Although some remote employees are more closely surveyed by their employers than others, generally speaking, it is impossible to see what a remote employee is doing at all times. Therefore, a remote employee could potentially be injured while off the job, and then file for workers comp without actually meeting workers compensation eligibility requirements. Now, there are circumstances under which injuries and their timing may be more easily tracked. If a remote employee is making a delivery for their employer and gets into a car accident, then that is more obviously an injury that occurred on the job. If an employee is hurt on the job and immediately goes to receive medical treatment, then this is more clearly occurring on the job. Injuries that occur on the job more gradually may be more difficult to track. If an employee receives a gradually-occurring back injury, they may very well need to consult with a doctor to prove that this occurred on the job and that they fall under workers compensation eligibility requirements. The burden of proving that an injury arose because of or on the job is on the employee, but conversely, courts have found that the employers’ lack of comparative oversight regarding a remote employee’s location is irrelevant. It’s simply a trickier situation, at times, to prove.

Why Do Work From Home Employees Apply For Workers Compensation?

What types of injuries and conditions to prompt work from home employees to apply for workers compensation? When looking up whether or not a situation falls under workers compensation eligibility requirements, many employees become quite confused. If you think that you may have a case and you’re a work from home employee, it may be worth it to start consulting with a work injury attorney early. An injury lawyer can advise you as to whether or not your case is worth moving forward with; you don’t have to necessarily wait to get in touch with them until you’ve been denied workers compensation.

You may also want to look into what historically has affected work from home employees in terms of injuries. Not all work from home employees simply work out of an office at home. As previously mentioned, some remote employees may have tasks involving delivering products; if they were to get into a car accident during that time, that would be an injury that occurred on the job. Some work from home employees may also perform physical tasks at home, as their clients may come to them or they may make products at home. Any kind of injury that occurs during this physical labor could fall under workers compensation eligibility requirements as well.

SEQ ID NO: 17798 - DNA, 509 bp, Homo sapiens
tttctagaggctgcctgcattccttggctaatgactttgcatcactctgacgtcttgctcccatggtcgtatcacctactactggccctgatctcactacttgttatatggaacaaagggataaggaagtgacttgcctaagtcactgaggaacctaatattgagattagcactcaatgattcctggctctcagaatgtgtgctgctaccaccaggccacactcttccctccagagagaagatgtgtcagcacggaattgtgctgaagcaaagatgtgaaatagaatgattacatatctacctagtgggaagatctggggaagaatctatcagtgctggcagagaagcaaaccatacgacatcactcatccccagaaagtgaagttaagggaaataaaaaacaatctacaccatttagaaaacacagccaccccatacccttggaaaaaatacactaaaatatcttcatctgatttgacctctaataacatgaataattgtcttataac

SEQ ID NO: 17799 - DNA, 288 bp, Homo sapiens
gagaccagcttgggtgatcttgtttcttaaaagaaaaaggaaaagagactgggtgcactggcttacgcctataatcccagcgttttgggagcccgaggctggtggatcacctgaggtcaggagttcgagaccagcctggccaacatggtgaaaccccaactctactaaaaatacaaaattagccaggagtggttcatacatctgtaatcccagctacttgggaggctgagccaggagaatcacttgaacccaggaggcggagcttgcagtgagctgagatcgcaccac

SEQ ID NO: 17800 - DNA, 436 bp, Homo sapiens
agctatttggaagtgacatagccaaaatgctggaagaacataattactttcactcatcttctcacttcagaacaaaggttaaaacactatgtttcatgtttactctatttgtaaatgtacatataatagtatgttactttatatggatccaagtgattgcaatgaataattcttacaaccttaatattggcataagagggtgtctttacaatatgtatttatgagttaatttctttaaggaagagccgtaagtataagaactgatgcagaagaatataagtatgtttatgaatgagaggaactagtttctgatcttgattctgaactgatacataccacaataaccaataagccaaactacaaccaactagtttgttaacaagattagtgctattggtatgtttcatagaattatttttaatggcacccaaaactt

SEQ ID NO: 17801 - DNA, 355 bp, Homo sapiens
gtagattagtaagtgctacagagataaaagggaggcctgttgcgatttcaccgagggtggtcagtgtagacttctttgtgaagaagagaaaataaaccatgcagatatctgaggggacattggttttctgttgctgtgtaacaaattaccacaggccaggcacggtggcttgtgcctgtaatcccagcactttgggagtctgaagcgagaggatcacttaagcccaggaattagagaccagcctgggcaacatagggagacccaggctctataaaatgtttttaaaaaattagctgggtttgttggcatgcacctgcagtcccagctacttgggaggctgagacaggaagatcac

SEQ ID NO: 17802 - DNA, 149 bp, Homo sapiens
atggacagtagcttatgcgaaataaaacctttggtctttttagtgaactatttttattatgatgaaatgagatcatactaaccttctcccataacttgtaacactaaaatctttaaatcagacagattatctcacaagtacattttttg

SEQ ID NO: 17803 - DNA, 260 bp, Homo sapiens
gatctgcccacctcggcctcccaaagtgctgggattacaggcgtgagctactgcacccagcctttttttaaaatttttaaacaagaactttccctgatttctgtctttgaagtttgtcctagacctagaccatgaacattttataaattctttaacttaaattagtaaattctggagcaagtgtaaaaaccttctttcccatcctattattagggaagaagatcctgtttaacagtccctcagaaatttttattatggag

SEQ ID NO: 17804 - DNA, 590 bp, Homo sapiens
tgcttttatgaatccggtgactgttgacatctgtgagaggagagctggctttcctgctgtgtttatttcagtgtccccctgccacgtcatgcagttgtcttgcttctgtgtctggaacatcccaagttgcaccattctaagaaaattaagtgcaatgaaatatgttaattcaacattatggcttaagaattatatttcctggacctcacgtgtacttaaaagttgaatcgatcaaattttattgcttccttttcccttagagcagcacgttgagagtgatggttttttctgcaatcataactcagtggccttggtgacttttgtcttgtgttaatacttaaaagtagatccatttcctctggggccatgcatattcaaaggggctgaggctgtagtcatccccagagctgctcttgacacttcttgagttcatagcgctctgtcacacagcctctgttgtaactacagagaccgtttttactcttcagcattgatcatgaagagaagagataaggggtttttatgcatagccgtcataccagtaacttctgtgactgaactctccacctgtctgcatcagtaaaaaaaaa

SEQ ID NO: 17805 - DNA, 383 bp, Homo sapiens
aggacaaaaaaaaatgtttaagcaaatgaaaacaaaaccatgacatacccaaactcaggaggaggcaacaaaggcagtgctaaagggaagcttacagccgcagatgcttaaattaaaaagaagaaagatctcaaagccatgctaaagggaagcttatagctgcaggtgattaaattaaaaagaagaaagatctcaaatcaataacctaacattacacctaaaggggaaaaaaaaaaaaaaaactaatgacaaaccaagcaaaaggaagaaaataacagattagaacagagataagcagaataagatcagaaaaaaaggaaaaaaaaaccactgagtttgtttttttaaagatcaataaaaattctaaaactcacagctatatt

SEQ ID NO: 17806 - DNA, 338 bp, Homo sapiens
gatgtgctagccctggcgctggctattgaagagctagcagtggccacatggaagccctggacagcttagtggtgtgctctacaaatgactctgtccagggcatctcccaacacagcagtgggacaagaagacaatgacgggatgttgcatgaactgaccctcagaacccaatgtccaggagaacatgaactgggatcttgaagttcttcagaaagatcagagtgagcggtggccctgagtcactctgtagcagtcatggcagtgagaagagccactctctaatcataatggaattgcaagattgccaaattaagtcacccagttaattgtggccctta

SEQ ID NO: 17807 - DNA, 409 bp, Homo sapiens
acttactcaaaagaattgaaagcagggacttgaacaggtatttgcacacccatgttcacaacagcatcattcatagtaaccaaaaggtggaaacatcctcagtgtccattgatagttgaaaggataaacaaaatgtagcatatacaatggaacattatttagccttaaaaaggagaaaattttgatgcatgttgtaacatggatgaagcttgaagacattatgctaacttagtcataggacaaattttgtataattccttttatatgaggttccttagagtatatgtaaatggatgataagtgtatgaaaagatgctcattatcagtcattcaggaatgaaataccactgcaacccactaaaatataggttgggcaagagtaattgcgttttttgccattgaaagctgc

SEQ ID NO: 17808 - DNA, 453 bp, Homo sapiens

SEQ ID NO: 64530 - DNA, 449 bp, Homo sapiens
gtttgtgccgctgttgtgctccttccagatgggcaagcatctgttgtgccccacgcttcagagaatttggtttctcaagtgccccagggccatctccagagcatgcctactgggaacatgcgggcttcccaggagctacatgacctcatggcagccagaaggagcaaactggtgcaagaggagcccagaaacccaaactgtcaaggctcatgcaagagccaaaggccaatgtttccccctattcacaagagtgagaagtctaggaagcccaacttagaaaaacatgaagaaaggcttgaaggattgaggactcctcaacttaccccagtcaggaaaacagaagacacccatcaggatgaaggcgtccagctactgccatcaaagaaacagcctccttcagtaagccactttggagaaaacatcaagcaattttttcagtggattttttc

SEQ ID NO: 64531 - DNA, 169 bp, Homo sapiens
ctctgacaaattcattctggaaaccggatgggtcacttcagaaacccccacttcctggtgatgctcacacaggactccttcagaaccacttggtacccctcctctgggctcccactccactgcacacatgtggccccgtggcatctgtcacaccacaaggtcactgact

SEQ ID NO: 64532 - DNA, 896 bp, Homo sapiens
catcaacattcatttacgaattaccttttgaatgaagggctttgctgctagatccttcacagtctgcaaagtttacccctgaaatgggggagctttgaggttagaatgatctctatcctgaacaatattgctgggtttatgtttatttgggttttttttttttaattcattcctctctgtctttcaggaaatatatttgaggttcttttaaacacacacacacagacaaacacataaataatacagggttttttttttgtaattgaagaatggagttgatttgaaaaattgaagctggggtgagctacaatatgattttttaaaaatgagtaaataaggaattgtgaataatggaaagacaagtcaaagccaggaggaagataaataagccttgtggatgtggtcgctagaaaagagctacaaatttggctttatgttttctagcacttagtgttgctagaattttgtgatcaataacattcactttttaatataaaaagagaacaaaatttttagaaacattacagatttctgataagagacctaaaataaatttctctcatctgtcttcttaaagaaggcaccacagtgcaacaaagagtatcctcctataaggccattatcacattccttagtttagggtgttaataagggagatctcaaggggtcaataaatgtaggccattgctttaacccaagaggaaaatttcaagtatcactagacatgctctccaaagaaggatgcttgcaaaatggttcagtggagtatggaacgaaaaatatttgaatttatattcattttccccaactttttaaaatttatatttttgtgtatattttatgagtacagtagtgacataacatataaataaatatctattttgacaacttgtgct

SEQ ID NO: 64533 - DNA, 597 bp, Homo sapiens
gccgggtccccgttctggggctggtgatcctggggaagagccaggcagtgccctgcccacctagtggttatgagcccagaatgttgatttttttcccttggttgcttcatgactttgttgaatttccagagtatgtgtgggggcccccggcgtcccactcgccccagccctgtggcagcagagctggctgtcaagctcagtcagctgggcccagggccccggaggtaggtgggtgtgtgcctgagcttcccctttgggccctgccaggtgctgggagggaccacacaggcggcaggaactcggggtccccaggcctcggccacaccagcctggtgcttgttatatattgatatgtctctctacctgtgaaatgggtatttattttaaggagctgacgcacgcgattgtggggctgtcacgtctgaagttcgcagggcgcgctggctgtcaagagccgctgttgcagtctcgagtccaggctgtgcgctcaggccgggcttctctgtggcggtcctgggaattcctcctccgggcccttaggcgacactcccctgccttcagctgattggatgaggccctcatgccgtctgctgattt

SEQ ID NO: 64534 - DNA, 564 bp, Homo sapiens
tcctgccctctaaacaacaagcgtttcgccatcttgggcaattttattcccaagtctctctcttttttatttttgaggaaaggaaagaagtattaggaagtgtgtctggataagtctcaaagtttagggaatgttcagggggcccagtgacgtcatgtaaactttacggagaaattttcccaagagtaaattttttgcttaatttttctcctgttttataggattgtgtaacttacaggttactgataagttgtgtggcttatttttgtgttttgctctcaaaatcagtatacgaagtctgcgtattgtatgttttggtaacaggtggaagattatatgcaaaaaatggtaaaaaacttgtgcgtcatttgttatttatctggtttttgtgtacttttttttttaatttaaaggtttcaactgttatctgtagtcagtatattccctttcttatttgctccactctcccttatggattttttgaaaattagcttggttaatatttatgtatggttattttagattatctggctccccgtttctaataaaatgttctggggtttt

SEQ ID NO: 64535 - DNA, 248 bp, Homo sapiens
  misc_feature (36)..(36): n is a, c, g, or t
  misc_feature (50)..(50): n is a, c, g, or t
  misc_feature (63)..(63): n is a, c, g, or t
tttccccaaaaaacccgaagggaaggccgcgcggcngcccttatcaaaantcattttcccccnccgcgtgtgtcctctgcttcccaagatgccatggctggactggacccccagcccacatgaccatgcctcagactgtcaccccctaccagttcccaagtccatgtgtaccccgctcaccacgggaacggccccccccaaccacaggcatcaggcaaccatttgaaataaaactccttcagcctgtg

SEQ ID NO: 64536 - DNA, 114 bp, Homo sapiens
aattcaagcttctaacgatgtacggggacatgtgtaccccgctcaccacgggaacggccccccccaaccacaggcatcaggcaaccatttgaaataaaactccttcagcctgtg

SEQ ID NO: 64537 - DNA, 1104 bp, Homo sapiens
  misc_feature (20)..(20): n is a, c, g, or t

With that being said, many injuries that occur when an employee is working from home are far from straightforward. It’s quite possible that a work from home employee would be more likely to be challenged by their employer when seeking workers compensation, which is why it’s important to consult with a workplace injury attorney ahead of time. One particular case in which an employee was challenged by their employer was Verizon Pennsylvania v. Workers’ Compensation Appeal Board (Alston), 900 A.2d 440 (Pa. Cmwlth. 2006). In this particular case, the work from employee did work out of a typical home office and fell down the stairs to her home office after getting a drink and injured her neck. Specifically, she was returning to her office to answer a ringing phone. While the employer argued that she had left her duties and was injured during that time, and therefore not on the job, the court found that she had only briefly left her duties and was therefore still on the job when injured, just as a typical office employee would be if they got up to get a drink. More than once in fact, Pennsylvania courts have found that these brief deviations from work do not affect an employee’s workers compensation eligibility, as attending to these comforts furthers the employee’s ability to work. In fact, the Commonwealth Court of Pennsylvania deemed during the Verizon case that the employee was injured at a secondary work premise, which meant that she still fell under the workers compensation eligibility requirements.